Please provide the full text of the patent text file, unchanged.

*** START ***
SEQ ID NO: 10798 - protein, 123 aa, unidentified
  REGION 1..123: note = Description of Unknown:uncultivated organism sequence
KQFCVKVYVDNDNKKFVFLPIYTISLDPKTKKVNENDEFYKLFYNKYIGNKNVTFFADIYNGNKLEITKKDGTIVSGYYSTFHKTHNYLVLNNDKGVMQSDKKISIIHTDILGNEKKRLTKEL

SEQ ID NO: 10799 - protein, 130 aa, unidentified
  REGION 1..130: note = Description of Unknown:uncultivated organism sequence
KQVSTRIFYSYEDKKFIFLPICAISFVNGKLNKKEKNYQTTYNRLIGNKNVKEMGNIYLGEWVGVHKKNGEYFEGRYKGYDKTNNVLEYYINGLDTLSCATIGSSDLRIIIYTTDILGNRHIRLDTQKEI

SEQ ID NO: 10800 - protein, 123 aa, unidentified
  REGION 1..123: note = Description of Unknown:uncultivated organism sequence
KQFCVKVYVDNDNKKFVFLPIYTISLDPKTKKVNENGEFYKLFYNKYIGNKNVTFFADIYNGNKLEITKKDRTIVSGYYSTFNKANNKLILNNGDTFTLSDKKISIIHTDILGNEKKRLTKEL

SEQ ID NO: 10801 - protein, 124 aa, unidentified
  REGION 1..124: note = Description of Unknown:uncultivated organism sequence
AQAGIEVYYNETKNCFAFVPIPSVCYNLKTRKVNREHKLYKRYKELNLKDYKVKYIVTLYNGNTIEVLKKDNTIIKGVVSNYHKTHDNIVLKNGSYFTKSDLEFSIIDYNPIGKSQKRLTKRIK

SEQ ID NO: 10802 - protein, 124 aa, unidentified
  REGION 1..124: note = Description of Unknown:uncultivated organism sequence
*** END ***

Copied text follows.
SEQ ID NO: 10798 - protein, 123 aa, unidentified
  REGION 1..123: note = Description of Unknown:uncultivated organism sequence
KQFCVKVYVDNDNKKFVFLPIYTISLDPKTKKVNENDEFYKLFYNKYIGNKNVTFFADIYNGNKLEITKKDGTIVSGYYSTFHKTHNYLVLNNDKGVMQSDKKISIIHTDILGNEKKRLTKEL

SEQ ID NO: 10799 - protein, 130 aa, unidentified
  REGION 1..130: note = Description of Unknown:uncultivated organism sequence
KQVSTRIFYSYEDKKFIFLPICAISFVNGKLNKKEKNYQTTYNRLIGNKNVKEMGNIYLGEWVGVHKKNGEYFEGRYKGYDKTNNVLEYYINGLDTLSCATIGSSDLRIIIYTTDILGNRHIRLDTQKEI

SEQ ID NO: 10800 - protein, 123 aa, unidentified
  REGION 1..123: note = Description of Unknown:uncultivated organism sequence
KQFCVKVYVDNDNKKFVFLPIYTISLDPKTKKVNENGEFYKLFYNKYIGNKNVTFFADIYNGNKLEITKKDRTIVSGYYSTFNKANNKLILNNGDTFTLSDKKISIIHTDILGNEKKRLTKEL

SEQ ID NO: 10801 - protein, 124 aa, unidentified
  REGION 1..124: note = Description of Unknown:uncultivated organism sequence
AQAGIEVYYNETKNCFAFVPIPSVCYNLKTRKVNREHKLYKRYKELNLKDYKVKYIVTLYNGNTIEVLKKDNTIIKGVVSNYHKTHDNIVLKNGSYFTKSDLEFSIIDYNPIGKSQKRLTKRIK

SEQ ID NO: 10802 - protein, 124 aa, unidentified
  REGION 1..124: note = Description of Unknown:uncultivated organism sequence